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Tokyo Olympics unable to heal Japan-South Korea rift




Tokyo Olympics unable to heal Japan-South Korea rift

Hopes that Japan and South Korea might finally be able to build new bridges through a summit of their leaders on the sidelines of the Tokyo Olympic Games have been dashed after Seoul announced that President Moon Jae-in would not be going to the opening ceremony on Friday.

The northeast Asian neighbors have long been at loggerheads over differing interpretations of their shared history, most notably during Japan’s colonial rule of the Korean peninsula from 1910 through 1945, but bilateral ties have worsened since Moon became president in 2017.

A series of legal claims by former forced laborers and “comfort women” — the euphemistic term for women forced into sexual slavery for the Imperial Japanese military during the occupation — has deepened the already entrenched nationalist factions on both sides of the divide, leaving no room for compromise.

That deepening chasm has caused alarm in Washington, which traditionally sees Japan and South Korea as its two most important security allies in the region. Since coming to power in January, US President Joe Biden has put pressure on both Moon and the administration of Japanese Prime Minister Yoshihide Suga to put their differences aside in order to present a united front to the challenges posed by an increasingly belligerent China and an unpredictable and nuclear-armed North Korea.

Tepid response from Japan

South Korea had, in recent weeks, indicated that Moon would be willing to travel to Tokyo if his Japanese counterpart would agree to a summit during which issues of substance might be addressed and solutions reached. Japan’s reaction, however, was lukewarm.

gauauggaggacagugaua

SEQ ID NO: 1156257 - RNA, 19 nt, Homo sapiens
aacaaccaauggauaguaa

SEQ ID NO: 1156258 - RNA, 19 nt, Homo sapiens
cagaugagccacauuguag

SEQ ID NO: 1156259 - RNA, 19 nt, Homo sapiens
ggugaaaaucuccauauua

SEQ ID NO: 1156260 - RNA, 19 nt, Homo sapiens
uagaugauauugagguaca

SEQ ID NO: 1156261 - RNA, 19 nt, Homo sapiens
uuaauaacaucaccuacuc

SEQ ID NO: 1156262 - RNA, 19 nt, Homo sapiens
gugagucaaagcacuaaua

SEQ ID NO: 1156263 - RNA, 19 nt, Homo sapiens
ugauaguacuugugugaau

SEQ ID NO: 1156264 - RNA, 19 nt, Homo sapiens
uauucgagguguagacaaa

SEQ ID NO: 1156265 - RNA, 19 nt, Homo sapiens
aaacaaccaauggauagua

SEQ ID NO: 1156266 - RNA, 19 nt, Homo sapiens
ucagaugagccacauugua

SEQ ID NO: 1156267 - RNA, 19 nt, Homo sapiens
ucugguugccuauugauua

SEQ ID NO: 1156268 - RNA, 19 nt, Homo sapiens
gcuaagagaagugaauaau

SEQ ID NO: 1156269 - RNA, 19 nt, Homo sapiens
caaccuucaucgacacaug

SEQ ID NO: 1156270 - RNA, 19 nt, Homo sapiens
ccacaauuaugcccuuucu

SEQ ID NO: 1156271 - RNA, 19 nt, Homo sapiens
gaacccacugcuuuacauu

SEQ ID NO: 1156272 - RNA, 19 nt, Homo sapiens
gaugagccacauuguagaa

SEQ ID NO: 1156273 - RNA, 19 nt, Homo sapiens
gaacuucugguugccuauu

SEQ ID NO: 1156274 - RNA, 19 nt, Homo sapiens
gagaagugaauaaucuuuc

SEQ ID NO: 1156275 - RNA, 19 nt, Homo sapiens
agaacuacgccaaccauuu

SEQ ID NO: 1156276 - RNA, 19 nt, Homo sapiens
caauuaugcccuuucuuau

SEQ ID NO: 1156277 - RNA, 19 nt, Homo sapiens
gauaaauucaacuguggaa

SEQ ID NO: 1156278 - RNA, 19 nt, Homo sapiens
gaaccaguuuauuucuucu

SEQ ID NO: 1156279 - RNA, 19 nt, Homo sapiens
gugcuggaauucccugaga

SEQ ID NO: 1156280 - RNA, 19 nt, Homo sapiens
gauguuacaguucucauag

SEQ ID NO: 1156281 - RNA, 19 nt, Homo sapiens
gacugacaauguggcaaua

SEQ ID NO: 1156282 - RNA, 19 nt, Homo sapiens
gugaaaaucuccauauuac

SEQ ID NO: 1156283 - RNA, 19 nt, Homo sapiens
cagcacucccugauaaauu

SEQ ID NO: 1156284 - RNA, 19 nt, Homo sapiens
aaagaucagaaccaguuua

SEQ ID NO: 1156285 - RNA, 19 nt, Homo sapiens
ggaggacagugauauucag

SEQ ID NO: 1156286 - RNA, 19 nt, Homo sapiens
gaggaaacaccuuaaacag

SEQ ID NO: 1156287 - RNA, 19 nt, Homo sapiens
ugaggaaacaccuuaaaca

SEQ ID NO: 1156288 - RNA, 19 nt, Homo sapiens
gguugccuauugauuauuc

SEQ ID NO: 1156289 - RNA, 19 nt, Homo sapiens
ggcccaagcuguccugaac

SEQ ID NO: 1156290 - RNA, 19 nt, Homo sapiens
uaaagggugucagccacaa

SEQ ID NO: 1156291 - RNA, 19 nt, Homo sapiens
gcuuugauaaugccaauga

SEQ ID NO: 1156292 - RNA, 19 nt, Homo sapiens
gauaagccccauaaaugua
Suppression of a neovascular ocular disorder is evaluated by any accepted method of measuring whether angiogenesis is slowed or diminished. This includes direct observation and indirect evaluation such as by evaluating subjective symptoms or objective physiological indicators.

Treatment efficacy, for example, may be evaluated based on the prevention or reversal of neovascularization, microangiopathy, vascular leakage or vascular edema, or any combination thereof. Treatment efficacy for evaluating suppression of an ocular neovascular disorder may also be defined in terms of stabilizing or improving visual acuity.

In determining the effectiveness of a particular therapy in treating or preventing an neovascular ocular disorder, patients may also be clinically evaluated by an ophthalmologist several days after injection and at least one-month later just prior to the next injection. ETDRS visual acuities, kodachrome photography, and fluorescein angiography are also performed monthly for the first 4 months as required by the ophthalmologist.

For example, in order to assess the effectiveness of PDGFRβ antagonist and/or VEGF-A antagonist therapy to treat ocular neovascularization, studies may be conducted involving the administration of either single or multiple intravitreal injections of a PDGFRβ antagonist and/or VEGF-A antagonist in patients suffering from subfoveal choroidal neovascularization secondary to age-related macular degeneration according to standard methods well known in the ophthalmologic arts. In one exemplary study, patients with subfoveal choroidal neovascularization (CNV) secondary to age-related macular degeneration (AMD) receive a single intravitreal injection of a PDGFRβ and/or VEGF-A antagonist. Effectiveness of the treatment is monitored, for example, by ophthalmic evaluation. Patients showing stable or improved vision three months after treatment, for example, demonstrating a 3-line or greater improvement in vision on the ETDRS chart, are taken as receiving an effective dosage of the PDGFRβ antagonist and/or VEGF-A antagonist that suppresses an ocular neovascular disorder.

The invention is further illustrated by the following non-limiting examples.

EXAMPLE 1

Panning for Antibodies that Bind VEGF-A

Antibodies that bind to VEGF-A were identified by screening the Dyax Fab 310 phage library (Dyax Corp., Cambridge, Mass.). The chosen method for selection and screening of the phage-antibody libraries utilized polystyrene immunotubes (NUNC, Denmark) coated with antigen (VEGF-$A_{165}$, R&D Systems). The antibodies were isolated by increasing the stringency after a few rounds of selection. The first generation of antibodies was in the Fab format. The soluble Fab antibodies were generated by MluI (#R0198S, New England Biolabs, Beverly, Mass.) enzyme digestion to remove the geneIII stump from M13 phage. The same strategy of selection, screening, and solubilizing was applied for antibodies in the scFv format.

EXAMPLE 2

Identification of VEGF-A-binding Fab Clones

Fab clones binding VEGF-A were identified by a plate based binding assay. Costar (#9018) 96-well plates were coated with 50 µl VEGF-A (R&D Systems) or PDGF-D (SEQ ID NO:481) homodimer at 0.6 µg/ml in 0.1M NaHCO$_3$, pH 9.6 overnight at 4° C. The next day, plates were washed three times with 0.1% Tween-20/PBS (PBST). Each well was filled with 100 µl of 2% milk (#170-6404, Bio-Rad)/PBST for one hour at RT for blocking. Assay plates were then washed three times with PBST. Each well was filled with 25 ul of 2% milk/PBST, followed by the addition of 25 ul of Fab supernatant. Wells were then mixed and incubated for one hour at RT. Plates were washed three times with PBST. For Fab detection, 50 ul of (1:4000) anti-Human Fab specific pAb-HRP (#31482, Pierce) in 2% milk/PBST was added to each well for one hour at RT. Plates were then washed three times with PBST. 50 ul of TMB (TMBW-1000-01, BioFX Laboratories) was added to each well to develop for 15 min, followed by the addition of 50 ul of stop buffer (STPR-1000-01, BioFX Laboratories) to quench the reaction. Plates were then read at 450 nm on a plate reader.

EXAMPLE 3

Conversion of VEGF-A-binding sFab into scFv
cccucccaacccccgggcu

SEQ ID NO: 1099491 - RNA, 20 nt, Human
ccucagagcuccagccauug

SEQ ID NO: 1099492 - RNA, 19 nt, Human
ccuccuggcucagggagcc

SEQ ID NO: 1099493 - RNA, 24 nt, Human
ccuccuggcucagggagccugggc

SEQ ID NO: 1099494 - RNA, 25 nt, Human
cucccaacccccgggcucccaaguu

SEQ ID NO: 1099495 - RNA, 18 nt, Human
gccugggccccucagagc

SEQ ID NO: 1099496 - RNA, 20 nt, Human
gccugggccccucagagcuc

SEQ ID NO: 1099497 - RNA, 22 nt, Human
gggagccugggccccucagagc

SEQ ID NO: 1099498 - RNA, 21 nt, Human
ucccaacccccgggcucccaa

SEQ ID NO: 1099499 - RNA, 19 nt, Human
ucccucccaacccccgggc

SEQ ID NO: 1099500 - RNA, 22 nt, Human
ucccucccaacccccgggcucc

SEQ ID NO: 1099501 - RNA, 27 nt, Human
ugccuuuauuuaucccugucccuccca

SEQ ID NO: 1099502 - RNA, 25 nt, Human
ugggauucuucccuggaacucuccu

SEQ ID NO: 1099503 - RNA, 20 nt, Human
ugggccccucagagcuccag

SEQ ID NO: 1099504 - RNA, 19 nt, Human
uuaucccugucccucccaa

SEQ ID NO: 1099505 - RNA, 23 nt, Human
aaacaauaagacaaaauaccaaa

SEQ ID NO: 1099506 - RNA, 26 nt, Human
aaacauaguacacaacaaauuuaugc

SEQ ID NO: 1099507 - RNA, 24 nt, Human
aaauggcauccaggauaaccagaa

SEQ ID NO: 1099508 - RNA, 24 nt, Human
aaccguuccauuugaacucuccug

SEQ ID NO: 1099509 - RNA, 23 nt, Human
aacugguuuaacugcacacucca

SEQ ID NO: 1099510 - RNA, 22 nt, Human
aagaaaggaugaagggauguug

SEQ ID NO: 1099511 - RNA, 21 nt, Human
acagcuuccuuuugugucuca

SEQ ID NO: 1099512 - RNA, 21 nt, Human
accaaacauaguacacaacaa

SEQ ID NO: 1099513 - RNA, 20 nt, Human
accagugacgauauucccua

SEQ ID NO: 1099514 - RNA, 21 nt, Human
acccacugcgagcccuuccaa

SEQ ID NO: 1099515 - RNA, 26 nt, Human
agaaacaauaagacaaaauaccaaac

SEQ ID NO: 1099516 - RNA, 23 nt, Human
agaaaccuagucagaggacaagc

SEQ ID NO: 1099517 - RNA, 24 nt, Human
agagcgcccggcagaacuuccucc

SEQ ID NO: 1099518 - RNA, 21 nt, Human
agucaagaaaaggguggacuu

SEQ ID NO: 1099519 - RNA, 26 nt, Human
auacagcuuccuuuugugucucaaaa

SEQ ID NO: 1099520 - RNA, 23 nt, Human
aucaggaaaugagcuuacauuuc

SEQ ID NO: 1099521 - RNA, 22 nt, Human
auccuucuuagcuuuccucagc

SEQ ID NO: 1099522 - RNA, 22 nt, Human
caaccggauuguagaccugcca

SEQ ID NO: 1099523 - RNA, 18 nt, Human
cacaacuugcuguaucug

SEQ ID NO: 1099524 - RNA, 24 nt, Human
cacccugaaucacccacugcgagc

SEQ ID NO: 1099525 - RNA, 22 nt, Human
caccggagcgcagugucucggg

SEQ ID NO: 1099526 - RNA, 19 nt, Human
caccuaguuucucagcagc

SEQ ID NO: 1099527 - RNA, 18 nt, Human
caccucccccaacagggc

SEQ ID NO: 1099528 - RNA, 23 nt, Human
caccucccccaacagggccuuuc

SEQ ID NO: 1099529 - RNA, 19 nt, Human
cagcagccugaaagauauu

“The Biden administration has struggled to get Seoul and Tokyo to prioritize shared geopolitical concerns,” Leif-Eric Easley, a professor of international studies at Ewha Woman’s University in Seoul, told DW. “The Olympics should have been a reconciliatory action-forcing event for the feuding US allies. Instead, South Korea-Japan relations have worsened because of a sequencing problem.”

“The Moon administration wanted a summit to disentangle historic issues from contemporary trade and security cooperation,” Easley said. “But the Suga government expected South Korea to first address its domestic court cases over wartime compensation so the legal foundation of bilateral exchanges could be restored.”

South Korean court cases over compensation for historical wrongs are a “line in the sand” for Suga, who has attempted to put the burden of a solution entirely onto Seoul, the professor explained.

“This mismatch produced a series of diplomatic insults and failure to arrange a Moon-Suga summit during the Tokyo Olympics,” he said.

Lewd remark the final straw

The final straw for Seoul, however, appears to have been a deeply undiplomatic comment from the deputy head of the Japanese embassy in Seoul.